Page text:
Failure to sustain an action is common. There are personal ones such as the New Year’s resolution to visit the gym twice a week that lasts a week. Or the plan to “get organized” that doesn’t even last a day. There are professional examples, too. The “strategic initiative” communicated at the company-wide meeting that’s forgotten as soon as the energy of delivering the message fades. A local company recently rolled out an accountability-based program (complete with “action” cards) that was quickly abandoned when employees realized there was no buy-in from managers.
Ah, but the success stories can be amazing.
I have an elderly friend who had COVID-19, was under intense medical care for quite awhile, and is now back at home. I have a client who met her goal of scoring high on the MCAT. I know a manager who is building a solid foundation of trust with her newly-formed team, and a thought leader who is creating an impressive network of professional connections by sharing his specialized expertise on LinkedIn.
The keywords in any successful Strategic Grit story are grace and discipline.
When I say “grace,” I don’t mean accepting defeat with poise. I mean handling adversity with equanimity. The failed attempts at determining the most effective process provide the best learning opportunities. And every one of the people mentioned above gave themselves some grace, considered the difficulty as a data point, and adjusted their course accordingly. In some cases, they did quit, but they only stopped the parts of the process that weren’t working for them.
When the original study schedule for the MCAT wasn’t working for my client, she switched her workouts from morning to midday and added an extra 30 minutes of study time between tutoring sessions. When the manager received critical feedback from a tenured employee, she kept her emotions in check and responded with a genuine appreciation for the employee’s critique. The thought leader struck out a couple of times when followers disagreed with his thinking, but this didn’t stop him from trying again. He sought feedback and honed his message.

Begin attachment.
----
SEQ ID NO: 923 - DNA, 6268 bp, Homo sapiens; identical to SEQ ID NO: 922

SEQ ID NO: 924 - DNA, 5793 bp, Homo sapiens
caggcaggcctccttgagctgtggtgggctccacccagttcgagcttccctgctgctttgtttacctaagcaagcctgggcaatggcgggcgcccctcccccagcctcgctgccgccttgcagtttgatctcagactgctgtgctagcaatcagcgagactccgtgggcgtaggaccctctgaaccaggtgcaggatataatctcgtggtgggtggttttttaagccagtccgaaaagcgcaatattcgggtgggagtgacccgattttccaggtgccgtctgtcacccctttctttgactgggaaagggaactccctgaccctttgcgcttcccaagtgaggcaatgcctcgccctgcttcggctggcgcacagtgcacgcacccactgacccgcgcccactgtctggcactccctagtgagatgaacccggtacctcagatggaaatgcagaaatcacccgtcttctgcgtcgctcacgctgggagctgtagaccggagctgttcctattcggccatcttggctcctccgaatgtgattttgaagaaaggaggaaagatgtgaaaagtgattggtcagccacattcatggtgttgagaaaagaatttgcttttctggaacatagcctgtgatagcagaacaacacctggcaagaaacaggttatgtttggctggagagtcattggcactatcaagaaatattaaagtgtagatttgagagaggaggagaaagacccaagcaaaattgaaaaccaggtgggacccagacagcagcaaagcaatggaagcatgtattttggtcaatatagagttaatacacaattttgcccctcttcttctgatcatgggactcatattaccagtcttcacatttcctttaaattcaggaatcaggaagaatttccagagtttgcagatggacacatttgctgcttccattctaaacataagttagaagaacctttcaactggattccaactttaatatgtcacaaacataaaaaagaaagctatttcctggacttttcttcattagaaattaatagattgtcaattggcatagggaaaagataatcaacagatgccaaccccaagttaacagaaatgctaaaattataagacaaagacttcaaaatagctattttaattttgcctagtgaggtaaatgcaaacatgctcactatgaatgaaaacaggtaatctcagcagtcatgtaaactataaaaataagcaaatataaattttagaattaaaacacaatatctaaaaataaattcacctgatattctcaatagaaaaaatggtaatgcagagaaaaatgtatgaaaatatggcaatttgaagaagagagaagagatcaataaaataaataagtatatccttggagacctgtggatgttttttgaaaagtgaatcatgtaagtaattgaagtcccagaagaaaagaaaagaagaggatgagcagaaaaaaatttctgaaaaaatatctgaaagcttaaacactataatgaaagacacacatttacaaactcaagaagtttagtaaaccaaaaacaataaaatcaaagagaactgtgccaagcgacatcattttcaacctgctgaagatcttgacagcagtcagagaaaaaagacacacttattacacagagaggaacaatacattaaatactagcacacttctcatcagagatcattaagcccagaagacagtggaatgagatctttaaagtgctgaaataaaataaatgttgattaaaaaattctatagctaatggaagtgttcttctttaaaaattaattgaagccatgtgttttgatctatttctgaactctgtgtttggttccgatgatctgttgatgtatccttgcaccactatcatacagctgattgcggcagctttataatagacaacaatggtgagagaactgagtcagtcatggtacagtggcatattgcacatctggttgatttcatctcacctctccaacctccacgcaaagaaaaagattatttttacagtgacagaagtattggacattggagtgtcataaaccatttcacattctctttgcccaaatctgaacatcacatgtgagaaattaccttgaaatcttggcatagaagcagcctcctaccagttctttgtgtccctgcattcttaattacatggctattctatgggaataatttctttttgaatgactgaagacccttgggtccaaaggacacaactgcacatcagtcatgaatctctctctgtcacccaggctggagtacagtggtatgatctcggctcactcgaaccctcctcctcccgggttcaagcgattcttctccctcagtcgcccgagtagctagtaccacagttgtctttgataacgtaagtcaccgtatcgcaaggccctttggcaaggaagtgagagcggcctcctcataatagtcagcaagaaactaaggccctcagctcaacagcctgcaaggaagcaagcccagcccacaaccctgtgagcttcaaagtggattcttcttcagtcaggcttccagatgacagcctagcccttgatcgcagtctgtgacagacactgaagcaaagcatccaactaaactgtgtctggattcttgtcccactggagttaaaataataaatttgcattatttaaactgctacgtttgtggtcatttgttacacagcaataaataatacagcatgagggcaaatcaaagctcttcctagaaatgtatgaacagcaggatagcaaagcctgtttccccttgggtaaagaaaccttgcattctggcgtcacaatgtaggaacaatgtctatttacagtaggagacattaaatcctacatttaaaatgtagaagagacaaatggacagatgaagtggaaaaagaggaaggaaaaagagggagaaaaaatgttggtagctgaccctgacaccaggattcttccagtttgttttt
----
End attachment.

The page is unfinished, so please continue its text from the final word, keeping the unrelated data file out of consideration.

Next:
Grace comes first, followed by discipline. By incorporating an evaluation element into the Strategic Grit formula, we can identify an ineffective course of action and adjust. We need the discipline to evaluate, the discipline to know what to keep, and the discipline to know what to toss.
Putting it together:
As we’ve worked through our blog series, we’ve developed a working definition of Strategic Grit: Applying grace and discipline as you take action, evaluate, commit, and repeat. We also acknowledge that Strategic Grit includes an element of “strategic quit,” knowing what to stop doing because it no longer gets us where we need to go.
Strategy and development are all about responding to the questions of “Where are we going?” and “How will we get there?” We delight in helping organizations (Jennifer) and individuals and teams (Holly) learn and apply the concepts of Strategic Grit to create the future they desire.
Whether you have thoughts to share about Strategic Grit or are curious about what it might look like to work together, we’d love to hear from you. We’ll be back with more soon!
Jennifer helps businesses, nonprofits, and community coalitions with strategic evolution: tackling complex problems, determining strategic direction, and taking action to create a new future. She is a Certified Strategic Doing Workshop Leader. Learn more at https://bluebirdskysolutions.com/.
Holly works with individuals and teams to help them forge and refine purposeful leadership and authentic collaboration as they navigate planned routes and unexpected detours. She is a certified Human Resources Professional and Mental Toughness Trainer. Learn more at https://hollyadamsconsulting.com/.
Strategic Grit was born of the lessons (sometimes painful, sometimes joyful) we learned in 2020, a unique year in many ways. We learned some of these lessons on our own through our research and personal experiences, and some through our work with clients. But the theme that stands out is this: Those best equipped to ride out tumultuous times are agile, resilient, and forward-thinking. These are people and organizations with Strategic Grit: a resilience that is not random but well-planned, effective, and durable.